"Drink it, or I'll blind you one eye at a time."
- Final Fantasy VII featured this during a not-so-subtle threat against a pervert trying to have sex with them. The team promises something like "I'll cut 'em off" "I'll break 'em off" "I'll smash them". He ends up giving them the information they want.
- LeChuck in Monkey Island 2: LeChuck's Revenge provided a particularly grisly example shortly after explaining the intricate mechanics of a device designed to lower Guybrush and Wally into a pit of acid: "Do you know what happens next? I will then take your bones, still alive and in great pain, and make them into a chair. I will call it my "Screaming Chair". Every morning I will sit in it and listen to you scream."
- Jager Tharn in The Elder Scrolls: Arena, when he contacts you telepathically shortly after you receive the first piece of the Staff of Chaos. "Give it to them, and I will make your death painless, and quick. Resist, and I will see you in such suffering that you will grovel for the sweet release of death!''
- Alexander in Amnesia: The Dark Descent uses this to prolong his victim's fear. He even sets up a system of pipes to funnel one victim's screams into the cell of another.
- He also uses the terratio verborum technique mentioned in the Real Life folder, by showing the tortured the implements he would be using, and describing precisely how it would work prior to doing so.
- Before the third battle against him in The Legend of Zelda: Skyward Sword, Demon Lord Ghirahim describes to Link just how he plans to kill him and dispose of his corpse. It's also how you defeat him.
- Deconstructed in Darkest Dungeon. Heroes with the Sadistic affliction will spout out various To The Pain lines constantly, which won't faze the enemies one bit. Their fellow heroes, however, will gain stress as they become more and more disturbed by this.
- Jack from Zebra Girl did this a couple of times, most notably here.
- Goats has the "Grand Extractionatrix" use "urethra weasels"
onin several male characters while graphically describing how they were developed.
- In Goblins, Goblinslayer explains to Fumbles what his "tools" do before using one of them on him.
- Oddly, it works in Life and Death, considering the circumstances.
Boss: Goodbye Steve. And do scream loudly. I want them to hear it in Hell.
- El Goonish Shive: Straddling the line between this and Cut His Heart Out with a Spoon, but played entirely seriously. Why should Sirleck help Magus?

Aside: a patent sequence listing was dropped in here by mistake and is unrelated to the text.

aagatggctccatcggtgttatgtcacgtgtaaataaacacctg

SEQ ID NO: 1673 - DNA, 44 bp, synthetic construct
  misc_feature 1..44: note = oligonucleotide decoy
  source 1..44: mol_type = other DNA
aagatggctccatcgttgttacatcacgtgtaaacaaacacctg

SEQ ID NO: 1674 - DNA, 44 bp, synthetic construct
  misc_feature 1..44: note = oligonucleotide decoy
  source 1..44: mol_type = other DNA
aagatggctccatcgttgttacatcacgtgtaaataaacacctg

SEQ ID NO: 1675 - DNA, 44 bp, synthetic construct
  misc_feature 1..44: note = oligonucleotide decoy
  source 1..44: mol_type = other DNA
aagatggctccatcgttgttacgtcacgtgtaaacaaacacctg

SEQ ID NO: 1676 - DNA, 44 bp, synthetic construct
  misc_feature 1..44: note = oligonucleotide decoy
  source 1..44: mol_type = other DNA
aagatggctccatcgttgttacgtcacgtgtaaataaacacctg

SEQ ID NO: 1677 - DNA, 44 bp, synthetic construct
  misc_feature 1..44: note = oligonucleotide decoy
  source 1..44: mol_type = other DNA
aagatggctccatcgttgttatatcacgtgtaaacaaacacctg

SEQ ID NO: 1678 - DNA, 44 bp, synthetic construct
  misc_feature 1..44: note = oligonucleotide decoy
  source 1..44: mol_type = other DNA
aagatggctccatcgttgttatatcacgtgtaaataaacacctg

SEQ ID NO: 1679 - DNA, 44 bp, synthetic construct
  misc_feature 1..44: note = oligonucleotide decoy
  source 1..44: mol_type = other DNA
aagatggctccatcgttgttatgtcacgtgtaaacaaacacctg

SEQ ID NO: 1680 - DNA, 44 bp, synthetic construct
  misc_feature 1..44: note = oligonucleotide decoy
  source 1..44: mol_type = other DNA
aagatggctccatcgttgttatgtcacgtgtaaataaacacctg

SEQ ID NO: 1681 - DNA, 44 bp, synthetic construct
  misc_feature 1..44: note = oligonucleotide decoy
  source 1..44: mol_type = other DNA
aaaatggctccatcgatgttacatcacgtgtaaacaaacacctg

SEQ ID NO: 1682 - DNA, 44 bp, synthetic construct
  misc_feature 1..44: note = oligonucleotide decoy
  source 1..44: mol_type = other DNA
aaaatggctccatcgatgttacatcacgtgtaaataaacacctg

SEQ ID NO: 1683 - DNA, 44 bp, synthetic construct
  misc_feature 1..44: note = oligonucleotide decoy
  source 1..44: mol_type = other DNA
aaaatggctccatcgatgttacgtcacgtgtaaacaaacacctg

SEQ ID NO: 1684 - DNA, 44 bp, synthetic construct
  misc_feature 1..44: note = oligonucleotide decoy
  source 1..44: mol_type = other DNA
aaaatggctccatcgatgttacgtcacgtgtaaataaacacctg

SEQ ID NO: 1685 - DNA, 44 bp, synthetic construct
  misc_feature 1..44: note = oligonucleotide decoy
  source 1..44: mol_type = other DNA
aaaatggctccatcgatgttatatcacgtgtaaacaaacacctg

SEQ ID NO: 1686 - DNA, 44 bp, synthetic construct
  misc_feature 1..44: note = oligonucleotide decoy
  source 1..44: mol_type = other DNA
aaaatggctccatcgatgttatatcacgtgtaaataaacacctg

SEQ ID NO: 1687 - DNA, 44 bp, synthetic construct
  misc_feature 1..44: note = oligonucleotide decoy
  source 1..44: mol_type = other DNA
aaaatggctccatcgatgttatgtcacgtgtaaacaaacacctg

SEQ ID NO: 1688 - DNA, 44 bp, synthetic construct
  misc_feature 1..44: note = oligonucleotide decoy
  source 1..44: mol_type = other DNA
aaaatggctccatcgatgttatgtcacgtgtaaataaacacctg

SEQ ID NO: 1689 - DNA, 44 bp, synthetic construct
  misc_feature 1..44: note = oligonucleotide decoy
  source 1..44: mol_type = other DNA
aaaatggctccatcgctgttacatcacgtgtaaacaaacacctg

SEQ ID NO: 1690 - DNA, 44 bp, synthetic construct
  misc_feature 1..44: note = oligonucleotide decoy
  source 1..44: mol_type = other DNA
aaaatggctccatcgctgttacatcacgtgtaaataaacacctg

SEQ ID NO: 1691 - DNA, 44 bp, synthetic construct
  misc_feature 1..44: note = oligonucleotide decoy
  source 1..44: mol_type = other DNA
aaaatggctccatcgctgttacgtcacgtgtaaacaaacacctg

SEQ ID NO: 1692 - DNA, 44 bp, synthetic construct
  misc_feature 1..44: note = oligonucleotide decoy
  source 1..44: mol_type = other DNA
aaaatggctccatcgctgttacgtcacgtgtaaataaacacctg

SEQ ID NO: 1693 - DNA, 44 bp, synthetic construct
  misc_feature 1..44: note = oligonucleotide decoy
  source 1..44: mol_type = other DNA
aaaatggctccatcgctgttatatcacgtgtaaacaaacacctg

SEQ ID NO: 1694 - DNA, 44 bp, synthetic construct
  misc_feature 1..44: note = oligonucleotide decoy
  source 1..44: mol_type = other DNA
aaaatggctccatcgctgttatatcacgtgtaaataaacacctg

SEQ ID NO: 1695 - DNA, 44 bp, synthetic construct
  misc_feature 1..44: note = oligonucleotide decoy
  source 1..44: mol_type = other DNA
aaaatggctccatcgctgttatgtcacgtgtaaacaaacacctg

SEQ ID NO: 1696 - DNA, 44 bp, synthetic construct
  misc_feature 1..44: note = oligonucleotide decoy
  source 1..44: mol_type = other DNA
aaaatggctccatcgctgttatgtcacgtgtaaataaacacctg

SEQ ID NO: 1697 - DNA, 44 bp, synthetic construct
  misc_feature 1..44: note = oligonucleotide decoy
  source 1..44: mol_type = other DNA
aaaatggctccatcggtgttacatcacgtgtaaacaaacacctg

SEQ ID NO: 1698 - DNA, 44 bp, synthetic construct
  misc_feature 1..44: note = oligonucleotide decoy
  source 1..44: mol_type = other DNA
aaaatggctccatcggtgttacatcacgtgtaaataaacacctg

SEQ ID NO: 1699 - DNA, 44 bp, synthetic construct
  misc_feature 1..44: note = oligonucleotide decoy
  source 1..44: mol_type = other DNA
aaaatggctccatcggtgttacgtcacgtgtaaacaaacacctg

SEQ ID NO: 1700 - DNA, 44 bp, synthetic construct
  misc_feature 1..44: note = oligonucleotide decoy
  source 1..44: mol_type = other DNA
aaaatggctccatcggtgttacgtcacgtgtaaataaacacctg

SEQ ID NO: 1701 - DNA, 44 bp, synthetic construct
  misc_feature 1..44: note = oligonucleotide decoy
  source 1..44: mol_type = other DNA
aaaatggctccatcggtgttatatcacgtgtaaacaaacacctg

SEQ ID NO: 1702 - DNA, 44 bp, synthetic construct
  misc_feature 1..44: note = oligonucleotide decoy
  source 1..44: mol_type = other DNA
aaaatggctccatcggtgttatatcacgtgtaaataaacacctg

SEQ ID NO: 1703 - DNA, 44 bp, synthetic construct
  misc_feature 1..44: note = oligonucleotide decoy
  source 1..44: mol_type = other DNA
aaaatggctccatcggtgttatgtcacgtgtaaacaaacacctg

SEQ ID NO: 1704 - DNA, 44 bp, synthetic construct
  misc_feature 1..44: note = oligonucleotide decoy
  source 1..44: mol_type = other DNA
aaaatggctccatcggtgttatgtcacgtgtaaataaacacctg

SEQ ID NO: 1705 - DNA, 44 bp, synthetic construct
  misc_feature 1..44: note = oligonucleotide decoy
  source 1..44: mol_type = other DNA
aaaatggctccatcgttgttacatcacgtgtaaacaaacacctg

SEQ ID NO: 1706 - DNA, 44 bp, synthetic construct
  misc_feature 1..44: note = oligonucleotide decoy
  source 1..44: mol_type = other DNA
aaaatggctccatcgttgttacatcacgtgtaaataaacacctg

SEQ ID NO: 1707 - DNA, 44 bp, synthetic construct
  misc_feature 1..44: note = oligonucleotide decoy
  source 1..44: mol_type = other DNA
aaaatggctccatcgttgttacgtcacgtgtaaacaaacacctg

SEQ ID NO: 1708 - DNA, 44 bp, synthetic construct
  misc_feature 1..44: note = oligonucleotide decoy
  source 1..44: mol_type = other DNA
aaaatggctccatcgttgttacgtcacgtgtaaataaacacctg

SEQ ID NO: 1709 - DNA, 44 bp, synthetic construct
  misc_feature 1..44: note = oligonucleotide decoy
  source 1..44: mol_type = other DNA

Magus: Because you can't hurt me, I never sleep or run out of breath, and I have nothing better to do than follow you around and incessantly babble about anything and everything.
- This chronicle on the Eve online website is as graphical as text can be (not for the faint of heart!), explaining what every tool does, everything he's going to use... then he does. The Amarr Minmatar and Caldari articles are also quite good. Showing how different varieties of torture can be.
- In Worm, both Bonesaw and Gray Boy like to describe the things they can do with their powers.
- This infamous example from Kakos Industries when Corin is enraged by his arch-enemy Melantha Murther interrupting his broadcast.
- In X-Ray & Vav, The Mad King proclaims in his first appearance that he's going to tear off the heroes' arms and use them to applaud their demise.
- Darkwing Duck: Negaduck describes doing this to Darkwing's allies, and it all starts as soon as he throws... The Switch!
- Shows up in Transformers Animated after Lockdown's first defeat. Ratchet is messily working on removing Optimus's grappling hook launchers from Lockdown's arms, and answers Lockdown's screams of pain with the observation that he could have numbed the pain... too bad he hasn't gotten around to reinstalling his EMP generator after it, too, was stolen by Lockdown.
- In the final episode of Justice League Unlimited, Darkseid, after trapping Superman in his Agony Matrix, explains the effects to him (while Superman is convulsing in pain)...
Darkseid: It's called the Agony Matrix — direct neural stimulation of pain receptors. All of them. Imagine the worst pain you've ever felt in your life, times a thousand. Now imagine that pain continuing forever. Oh, that's right... you don't have to imagine.
- One episode of The Ren & Stimpy Show saw Ren's cousin coming to visit, and he ends up being exactly like Stimpy. Unable to deal with the antics of both, Ren snaps, and with barely restrained fury, gleefully describes what he's going to do to them.
Ren: Yooooooou! Both of yoooooou! Oh, what I'm gonna do to you... I'm so angry! First, I'm gonna tear your lips out. Yeah... that's what I'm gonna do. And then... I'm gonna... GOUGE your eyes out. Yeah... that's what I'm gonna do... Yeah, you scared, huh? Next... I'm gonna... tear your arms out of the socket. And you wanna know what else? I'm gonna hit ya... and you're gonna faaaaallll... and I'm gonna look down and I'm gonna laugh... But first... FIRST!!!... I gotta take a whiz! Don't you go anywhere. You stay right here.